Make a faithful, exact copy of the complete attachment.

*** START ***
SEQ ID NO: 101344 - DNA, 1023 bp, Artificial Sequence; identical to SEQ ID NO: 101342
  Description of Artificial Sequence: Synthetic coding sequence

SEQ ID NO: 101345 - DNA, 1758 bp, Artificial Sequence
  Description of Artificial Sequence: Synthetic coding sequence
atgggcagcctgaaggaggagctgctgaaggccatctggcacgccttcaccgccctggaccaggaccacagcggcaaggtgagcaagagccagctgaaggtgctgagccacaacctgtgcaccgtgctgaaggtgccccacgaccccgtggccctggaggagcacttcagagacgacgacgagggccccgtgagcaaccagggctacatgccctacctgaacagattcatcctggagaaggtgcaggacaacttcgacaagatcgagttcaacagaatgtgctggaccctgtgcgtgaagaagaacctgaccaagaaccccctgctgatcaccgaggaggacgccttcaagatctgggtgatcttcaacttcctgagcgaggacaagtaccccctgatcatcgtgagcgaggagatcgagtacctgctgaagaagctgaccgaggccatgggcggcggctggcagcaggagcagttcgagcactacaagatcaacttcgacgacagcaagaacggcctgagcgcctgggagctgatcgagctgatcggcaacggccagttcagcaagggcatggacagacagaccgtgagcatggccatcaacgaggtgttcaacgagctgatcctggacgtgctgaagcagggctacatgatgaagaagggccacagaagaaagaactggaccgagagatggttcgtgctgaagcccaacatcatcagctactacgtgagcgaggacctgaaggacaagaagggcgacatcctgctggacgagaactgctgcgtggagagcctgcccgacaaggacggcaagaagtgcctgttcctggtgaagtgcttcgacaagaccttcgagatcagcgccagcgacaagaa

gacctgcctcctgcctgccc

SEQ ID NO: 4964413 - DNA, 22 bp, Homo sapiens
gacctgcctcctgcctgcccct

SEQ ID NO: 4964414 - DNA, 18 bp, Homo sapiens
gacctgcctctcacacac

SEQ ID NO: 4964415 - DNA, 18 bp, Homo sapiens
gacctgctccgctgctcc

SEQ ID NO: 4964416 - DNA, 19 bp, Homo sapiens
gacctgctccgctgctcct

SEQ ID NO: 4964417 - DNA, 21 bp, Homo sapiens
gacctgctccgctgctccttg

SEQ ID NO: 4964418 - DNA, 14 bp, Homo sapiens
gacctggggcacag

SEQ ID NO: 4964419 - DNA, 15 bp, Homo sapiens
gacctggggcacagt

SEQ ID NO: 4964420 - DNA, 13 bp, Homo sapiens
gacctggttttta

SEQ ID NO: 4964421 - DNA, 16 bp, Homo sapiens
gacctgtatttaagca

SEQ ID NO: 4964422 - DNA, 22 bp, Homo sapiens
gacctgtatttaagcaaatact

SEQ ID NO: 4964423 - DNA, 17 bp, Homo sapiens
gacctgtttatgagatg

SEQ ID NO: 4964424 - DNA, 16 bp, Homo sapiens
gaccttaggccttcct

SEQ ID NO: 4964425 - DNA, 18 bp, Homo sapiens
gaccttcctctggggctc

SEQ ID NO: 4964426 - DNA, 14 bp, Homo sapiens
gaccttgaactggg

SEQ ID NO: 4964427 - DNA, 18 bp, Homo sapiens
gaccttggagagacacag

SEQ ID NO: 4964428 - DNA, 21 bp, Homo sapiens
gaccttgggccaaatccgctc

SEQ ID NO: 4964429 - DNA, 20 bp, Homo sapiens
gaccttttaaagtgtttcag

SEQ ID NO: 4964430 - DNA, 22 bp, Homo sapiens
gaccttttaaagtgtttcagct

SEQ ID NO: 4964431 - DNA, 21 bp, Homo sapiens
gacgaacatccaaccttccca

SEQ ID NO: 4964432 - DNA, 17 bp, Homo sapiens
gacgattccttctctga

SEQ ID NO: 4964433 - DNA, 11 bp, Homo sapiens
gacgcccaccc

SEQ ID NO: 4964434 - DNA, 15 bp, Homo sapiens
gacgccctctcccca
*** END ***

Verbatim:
SEQ ID NO: 101344 - DNA, 1023 bp, Artificial Sequence; identical to SEQ ID NO: 101342
  Description of Artificial Sequence: Synthetic coding sequence

SEQ ID NO: 101345 - DNA, 1758 bp, Artificial Sequence
  Description of Artificial Sequence: Synthetic coding sequence
atgggcagcctgaaggaggagctgctgaaggccatctggcacgccttcaccgccctggaccaggaccacagcggcaaggtgagcaagagccagctgaaggtgctgagccacaacctgtgcaccgtgctgaaggtgccccacgaccccgtggccctggaggagcacttcagagacgacgacgagggccccgtgagcaaccagggctacatgccctacctgaacagattcatcctggagaaggtgcaggacaacttcgacaagatcgagttcaacagaatgtgctggaccctgtgcgtgaagaagaacctgaccaagaaccccctgctgatcaccgaggaggacgccttcaagatctgggtgatcttcaacttcctgagcgaggacaagtaccccctgatcatcgtgagcgaggagatcgagtacctgctgaagaagctgaccgaggccatgggcggcggctggcagcaggagcagttcgagcactacaagatcaacttcgacgacagcaagaacggcctgagcgcctgggagctgatcgagctgatcggcaacggccagttcagcaagggcatggacagacagaccgtgagcatggccatcaacgaggtgttcaacgagctgatcctggacgtgctgaagcagggctacatgatgaagaagggccacagaagaaagaactggaccgagagatggttcgtgctgaagcccaacatcatcagctactacgtgagcgaggacctgaaggacaagaagggcgacatcctgctggacgagaactgctgcgtggagagcctgcccgacaaggacggcaagaagtgcctgttcctggtgaagtgcttcgacaagaccttcgagatcagcgccagcgacaagaa

gacctgcctcctgcctgccc

SEQ ID NO: 4964413 - DNA, 22 bp, Homo sapiens
gacctgcctcctgcctgcccct

SEQ ID NO: 4964414 - DNA, 18 bp, Homo sapiens
gacctgcctctcacacac

SEQ ID NO: 4964415 - DNA, 18 bp, Homo sapiens
gacctgctccgctgctcc

SEQ ID NO: 4964416 - DNA, 19 bp, Homo sapiens
gacctgctccgctgctcct

SEQ ID NO: 4964417 - DNA, 21 bp, Homo sapiens
gacctgctccgctgctccttg

SEQ ID NO: 4964418 - DNA, 14 bp, Homo sapiens
gacctggggcacag

SEQ ID NO: 4964419 - DNA, 15 bp, Homo sapiens
gacctggggcacagt

SEQ ID NO: 4964420 - DNA, 13 bp, Homo sapiens
gacctggttttta

SEQ ID NO: 4964421 - DNA, 16 bp, Homo sapiens
gacctgtatttaagca

SEQ ID NO: 4964422 - DNA, 22 bp, Homo sapiens
gacctgtatttaagcaaatact

SEQ ID NO: 4964423 - DNA, 17 bp, Homo sapiens
gacctgtttatgagatg

SEQ ID NO: 4964424 - DNA, 16 bp, Homo sapiens
gaccttaggccttcct

SEQ ID NO: 4964425 - DNA, 18 bp, Homo sapiens
gaccttcctctggggctc

SEQ ID NO: 4964426 - DNA, 14 bp, Homo sapiens
gaccttgaactggg

SEQ ID NO: 4964427 - DNA, 18 bp, Homo sapiens
gaccttggagagacacag

SEQ ID NO: 4964428 - DNA, 21 bp, Homo sapiens
gaccttgggccaaatccgctc

SEQ ID NO: 4964429 - DNA, 20 bp, Homo sapiens
gaccttttaaagtgtttcag

SEQ ID NO: 4964430 - DNA, 22 bp, Homo sapiens
gaccttttaaagtgtttcagct

SEQ ID NO: 4964431 - DNA, 21 bp, Homo sapiens
gacgaacatccaaccttccca

SEQ ID NO: 4964432 - DNA, 17 bp, Homo sapiens
gacgattccttctctga

SEQ ID NO: 4964433 - DNA, 11 bp, Homo sapiens
gacgcccaccc

SEQ ID NO: 4964434 - DNA, 15 bp, Homo sapiens
gacgccctctcccca